Snowballing debt pushing Ontario millennials into insolvencies

Snowballing debt pushing Ontario millennials into insolvencies

Snowballing debt pushing Ontario millennials into insolvencies

Over recent weeks, alarm bells sounding caution over Canada’s rising interest rates have been ringing louder than ever. Aside from Statistic Canada’s revelation of softer-than expected GDP growth last year, a study from the Financial Planning Standards Council (FPSC) and Credit Canada found one in five Canadians need to liquidate assets to address their debt this year. And based on newly released research, one group of Ontarians is especially at risk.

According to numbers released by Hoyes, Michalos & Associates, 37% of Ontario insolvencies in 2018 involved millennials, compared to 35% in 2017. While Ontario millennials carried less unsecured debt than other age cohorts with $35,733, they’re still filing insolvencies at the fastest rate.

Doug Hoyes, Licensed Insolvency Trustee and co-founder of Hoyes, Michalos, said that millennials are carrying much more student debt than previous generations. “As more Millennials pass the 7-year limitation for student debt forgiveness in a bankruptcy or consumer proposal, student debt insolvencies rise,” he observed.

The number of millennial debtors in Ontario with student debt rose from 26% in 2017 to 31% last year; the average unpaid debt also increased slightly from $13,734 to $14,311. Credit-card debt also went up to a lesser extent, from 86% to 88%, with the average unpaid balance going from $10,956 to $11,716.

“What alarms me most is the fact that almost half of Millennial debtors we see use payday loans,” said Ted Michalos, Licensed Insolvency Trustee and the firm’s other co-founder. According to their research, the percentage of millennial debtors with at least one payday-style loan rose from 40% in 2017 to 46% last year.

Driving this trend is the wider array of easy borrowing options from payday loan companies and online lenders, who now offer larger short-term installment loans and lines of credit along with advertising lines such as “no documents needed” and “no credit check required.” Michalos called access to quick, low credit-check money through online payday lenders the largest debt epidemic facing millennials after student debt.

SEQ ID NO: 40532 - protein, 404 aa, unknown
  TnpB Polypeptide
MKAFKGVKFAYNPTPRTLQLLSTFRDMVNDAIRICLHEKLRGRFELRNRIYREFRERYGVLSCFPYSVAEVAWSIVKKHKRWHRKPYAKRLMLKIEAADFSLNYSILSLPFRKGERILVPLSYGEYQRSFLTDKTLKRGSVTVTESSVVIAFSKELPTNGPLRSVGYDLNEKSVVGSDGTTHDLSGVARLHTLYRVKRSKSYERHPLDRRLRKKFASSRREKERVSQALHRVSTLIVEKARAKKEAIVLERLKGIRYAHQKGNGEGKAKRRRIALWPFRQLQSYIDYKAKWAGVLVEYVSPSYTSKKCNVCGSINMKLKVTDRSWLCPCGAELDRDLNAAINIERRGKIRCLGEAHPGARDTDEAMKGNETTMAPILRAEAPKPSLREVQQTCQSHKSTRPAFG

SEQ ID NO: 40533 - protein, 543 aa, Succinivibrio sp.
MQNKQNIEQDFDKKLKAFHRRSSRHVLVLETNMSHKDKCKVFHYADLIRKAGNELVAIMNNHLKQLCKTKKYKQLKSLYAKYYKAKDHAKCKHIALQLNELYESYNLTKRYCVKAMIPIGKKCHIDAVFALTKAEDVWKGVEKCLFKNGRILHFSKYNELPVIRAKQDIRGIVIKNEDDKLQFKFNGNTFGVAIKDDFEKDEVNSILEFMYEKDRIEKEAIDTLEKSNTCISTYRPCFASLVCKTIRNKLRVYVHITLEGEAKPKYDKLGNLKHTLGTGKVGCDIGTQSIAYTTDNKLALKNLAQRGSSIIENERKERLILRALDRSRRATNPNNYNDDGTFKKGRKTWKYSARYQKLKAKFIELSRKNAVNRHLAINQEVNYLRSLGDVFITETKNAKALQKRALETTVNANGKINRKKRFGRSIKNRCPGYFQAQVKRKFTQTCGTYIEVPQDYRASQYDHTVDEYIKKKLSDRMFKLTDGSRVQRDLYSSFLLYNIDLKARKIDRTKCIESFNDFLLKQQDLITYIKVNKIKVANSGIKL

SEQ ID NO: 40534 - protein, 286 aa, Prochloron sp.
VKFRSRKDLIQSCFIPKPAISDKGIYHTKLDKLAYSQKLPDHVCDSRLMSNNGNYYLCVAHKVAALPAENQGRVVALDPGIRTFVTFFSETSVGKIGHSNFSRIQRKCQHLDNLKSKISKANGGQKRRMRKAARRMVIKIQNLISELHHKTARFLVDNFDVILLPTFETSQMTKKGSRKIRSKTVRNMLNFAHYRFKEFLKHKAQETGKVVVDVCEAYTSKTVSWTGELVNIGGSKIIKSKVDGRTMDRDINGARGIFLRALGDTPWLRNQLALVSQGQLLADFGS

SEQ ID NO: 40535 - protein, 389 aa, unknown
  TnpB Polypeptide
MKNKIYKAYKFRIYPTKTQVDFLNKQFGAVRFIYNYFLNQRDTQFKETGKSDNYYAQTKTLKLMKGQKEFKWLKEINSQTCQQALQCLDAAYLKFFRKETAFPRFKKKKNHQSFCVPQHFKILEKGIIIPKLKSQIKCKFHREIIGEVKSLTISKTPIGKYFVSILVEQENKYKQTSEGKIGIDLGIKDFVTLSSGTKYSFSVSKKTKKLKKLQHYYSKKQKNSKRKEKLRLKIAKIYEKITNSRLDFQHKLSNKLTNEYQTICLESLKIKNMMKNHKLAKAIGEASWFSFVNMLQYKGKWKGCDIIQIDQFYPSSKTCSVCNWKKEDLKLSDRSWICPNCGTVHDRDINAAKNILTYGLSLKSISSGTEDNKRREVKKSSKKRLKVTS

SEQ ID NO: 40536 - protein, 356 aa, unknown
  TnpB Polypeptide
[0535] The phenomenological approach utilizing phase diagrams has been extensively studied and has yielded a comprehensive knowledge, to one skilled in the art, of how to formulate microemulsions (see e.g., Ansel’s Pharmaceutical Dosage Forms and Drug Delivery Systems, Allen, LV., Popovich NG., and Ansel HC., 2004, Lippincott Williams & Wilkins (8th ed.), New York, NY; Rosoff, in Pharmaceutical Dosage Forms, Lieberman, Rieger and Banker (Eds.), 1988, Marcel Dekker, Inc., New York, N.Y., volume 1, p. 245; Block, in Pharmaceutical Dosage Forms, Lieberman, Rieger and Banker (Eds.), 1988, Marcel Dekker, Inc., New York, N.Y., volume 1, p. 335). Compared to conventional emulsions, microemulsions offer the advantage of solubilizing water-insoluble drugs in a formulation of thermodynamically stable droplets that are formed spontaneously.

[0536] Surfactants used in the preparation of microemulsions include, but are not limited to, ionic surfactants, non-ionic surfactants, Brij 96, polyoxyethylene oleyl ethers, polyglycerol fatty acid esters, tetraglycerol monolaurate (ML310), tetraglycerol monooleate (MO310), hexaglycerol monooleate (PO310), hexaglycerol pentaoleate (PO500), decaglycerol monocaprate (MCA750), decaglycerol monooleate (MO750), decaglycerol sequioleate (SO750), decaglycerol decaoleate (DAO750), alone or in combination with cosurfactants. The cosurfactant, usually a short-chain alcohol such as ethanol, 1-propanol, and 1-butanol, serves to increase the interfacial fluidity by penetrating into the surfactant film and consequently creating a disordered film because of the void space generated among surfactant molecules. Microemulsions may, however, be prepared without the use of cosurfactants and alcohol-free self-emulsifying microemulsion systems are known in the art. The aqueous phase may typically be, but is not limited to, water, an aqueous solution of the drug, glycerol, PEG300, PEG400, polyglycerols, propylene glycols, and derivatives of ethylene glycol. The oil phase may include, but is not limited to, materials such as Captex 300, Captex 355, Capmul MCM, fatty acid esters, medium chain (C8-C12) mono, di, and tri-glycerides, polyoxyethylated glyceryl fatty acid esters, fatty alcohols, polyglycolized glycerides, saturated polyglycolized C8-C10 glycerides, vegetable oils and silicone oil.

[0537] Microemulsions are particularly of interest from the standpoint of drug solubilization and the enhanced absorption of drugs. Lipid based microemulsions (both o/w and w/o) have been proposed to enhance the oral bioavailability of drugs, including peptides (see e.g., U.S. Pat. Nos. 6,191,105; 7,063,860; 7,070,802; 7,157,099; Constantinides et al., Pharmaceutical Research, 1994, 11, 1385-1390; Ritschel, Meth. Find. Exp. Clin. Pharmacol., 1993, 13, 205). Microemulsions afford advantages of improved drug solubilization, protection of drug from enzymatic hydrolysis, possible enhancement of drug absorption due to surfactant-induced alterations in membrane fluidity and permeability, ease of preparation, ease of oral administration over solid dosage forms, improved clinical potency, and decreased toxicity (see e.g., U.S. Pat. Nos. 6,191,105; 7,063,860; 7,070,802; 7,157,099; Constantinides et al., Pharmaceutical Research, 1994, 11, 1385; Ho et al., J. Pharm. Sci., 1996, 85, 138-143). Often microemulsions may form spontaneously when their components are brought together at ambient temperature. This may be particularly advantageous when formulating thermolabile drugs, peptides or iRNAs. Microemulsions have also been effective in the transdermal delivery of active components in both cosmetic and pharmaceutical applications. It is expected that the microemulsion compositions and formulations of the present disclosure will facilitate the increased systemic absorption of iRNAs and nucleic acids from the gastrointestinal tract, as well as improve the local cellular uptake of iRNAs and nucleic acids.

For millennial debtors using a payday loan, the average balance last year was $4,792 across 4.1 loans. The average payday-style loan size swelled from $920 in 2017 to $1,189 in 2018. Among all millennial fast cash loans, 13% were for $2,500 or more, an increase of 6% over 2017.   

Payday loan balances were small compared to to student loans and credit-card debt, but the burden for borrowers can increase sharply; traditional Ontario payday loans charge an effective annual interest rate of 390% as of January 2018, and quick cash installment loans for those with poor credit can typically cost up to 59.99%.

“Compounding their rising debt levels, Millennials have less income to support their debt,” the report said. “However, the average Millennial debtor has a take-home pay of $2,431; 3.9% less than the average Joe Debtor and 10.3% less than Generation X.”

 

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